Imagine buying a dress online because a piece of code sold you on its ‘flattering, feminine flair’. Or convinced you ‘romantic floral details’ would outline your figure with ‘timeless style’. The very same day your friend buys the same dress from the same website but she’s sold on a description of ‘vibrant tones’, ‘fresh cotton feel’ and ‘statement sleeves’.
This is not a detail from a sci-fi short story but the reality and big picture vision of Hypotenuse AI, a YC-backed startup that’s using computer vision and machine learning to automate product descriptions for e-commerce.
One of the two product descriptions shown below is written by a human copywriter. The other flowed from the virtual pen of the startup’s AI, per an example on its website.
Can you guess which is which?* And if you think you can — well, does it matter?
Discussing his startup on the phone from Singapore, Hypotenuse AI’s founder Joshua Wong tells us he came up with the idea to use AI to automate copywriting after helping a friend set up a website selling vegan soap.
“It took forever to write effective copy. We were extremely frustrated with the process when all we wanted to do was to sell products,” he explains. “But we knew how much description and copy affect conversions and SEO so we couldn’t abandon it.”
Wong had been working for Amazon, as an applied machine learning scientist for its Alexa AI assistant. So he had the technical smarts to tackle the problem himself. “I decided to use my background in machine learning to kind of automate this process. And I wanted to make sure I could help other e-commerce stores do the same as well,” he says, going on to leave his job at Amazon in June to go full time on Hypotenuse.
The core tech here — computer vision and natural language generation — is extremely cutting edge, per Wong.
“What the technology looks like in the back end is that a lot of it is proprietary,” he says. “We use computer vision to understand product images really well. And we use this together with any metadata that the product already has to generate a very ‘human fluent’ type of description. We can do this really quickly — we can generate thousands of them within seconds.”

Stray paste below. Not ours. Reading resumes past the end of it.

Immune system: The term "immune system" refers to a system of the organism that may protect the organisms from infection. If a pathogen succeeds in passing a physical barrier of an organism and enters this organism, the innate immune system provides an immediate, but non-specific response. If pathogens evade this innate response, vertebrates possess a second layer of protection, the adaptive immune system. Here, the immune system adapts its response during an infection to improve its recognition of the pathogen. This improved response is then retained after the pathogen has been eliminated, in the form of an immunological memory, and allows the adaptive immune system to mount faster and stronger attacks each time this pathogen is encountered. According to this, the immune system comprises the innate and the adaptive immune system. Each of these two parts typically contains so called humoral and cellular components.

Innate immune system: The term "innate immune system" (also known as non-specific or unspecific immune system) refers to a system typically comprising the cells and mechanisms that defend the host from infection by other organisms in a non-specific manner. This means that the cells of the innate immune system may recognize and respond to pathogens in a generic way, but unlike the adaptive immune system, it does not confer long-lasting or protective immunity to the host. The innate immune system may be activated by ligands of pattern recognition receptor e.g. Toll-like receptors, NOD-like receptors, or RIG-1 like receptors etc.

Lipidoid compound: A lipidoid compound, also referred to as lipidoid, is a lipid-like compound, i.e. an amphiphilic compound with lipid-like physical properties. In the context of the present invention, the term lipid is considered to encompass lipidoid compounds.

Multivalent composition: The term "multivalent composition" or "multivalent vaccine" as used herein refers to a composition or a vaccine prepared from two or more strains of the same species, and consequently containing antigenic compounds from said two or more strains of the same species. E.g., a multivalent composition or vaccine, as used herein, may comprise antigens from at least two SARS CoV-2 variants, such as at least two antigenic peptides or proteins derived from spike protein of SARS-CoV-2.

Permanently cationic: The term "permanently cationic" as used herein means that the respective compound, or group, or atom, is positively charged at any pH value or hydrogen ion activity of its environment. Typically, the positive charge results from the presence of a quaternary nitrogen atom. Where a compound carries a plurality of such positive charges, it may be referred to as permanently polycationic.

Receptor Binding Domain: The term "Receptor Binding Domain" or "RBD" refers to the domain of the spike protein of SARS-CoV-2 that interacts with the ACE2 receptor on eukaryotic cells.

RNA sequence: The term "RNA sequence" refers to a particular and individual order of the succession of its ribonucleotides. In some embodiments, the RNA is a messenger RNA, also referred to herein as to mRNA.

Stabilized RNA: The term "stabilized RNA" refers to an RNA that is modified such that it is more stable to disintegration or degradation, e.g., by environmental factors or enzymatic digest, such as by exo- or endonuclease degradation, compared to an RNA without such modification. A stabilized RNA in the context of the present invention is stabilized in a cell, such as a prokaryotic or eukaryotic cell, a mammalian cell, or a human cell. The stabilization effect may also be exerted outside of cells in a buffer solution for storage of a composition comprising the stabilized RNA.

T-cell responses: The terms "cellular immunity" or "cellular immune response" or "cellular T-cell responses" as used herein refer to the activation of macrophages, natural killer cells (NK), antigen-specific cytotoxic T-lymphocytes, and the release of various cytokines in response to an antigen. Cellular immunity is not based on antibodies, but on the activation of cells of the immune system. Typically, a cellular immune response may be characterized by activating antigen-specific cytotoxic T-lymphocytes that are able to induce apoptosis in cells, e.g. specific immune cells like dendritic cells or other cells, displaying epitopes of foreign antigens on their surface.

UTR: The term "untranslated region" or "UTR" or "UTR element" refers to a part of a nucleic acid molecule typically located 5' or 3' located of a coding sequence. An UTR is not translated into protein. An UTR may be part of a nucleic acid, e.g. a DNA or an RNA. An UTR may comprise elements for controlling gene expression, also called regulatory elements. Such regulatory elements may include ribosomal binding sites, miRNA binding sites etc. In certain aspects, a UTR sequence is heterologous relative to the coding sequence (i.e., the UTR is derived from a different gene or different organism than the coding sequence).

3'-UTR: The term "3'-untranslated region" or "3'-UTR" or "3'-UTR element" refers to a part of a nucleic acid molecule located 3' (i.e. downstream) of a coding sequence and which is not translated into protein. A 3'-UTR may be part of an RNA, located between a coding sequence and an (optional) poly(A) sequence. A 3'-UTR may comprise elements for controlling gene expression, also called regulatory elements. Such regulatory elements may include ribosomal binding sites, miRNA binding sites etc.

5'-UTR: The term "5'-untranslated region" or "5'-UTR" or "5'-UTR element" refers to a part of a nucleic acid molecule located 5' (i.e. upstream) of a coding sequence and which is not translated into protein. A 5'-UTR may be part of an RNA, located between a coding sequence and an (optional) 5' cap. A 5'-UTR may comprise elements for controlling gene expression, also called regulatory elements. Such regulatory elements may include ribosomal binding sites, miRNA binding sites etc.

“A lot of the work went into making sure we had machine learning models or neural network models that could speak very fluently in a very human-like manner. For that we have models that have kind of learnt how to understand and to write English really, really well. They’ve been trained on the Internet and all over the web so they understand language very well. “Then we combine that together with our vision models so that we can generate very fluent description,” he adds.
Wong says the startup is building its own proprietary data-set to further help with training language models — with the aim of being able to generate something that’s “very specific to the image” but also “specific to the company’s brand and writing style” so the output can be hyper tailored to the customer’s needs.
“We also have defaults of style — if they want text to be more narrative, or poetic, or luxurious — but the more interesting one is when companies want it to be tailored to their own type of branding of writing and style,” he adds. “They usually provide us with some examples of descriptions that they already have… and we used that and get our models to learn that type of language so it can write in that manner.”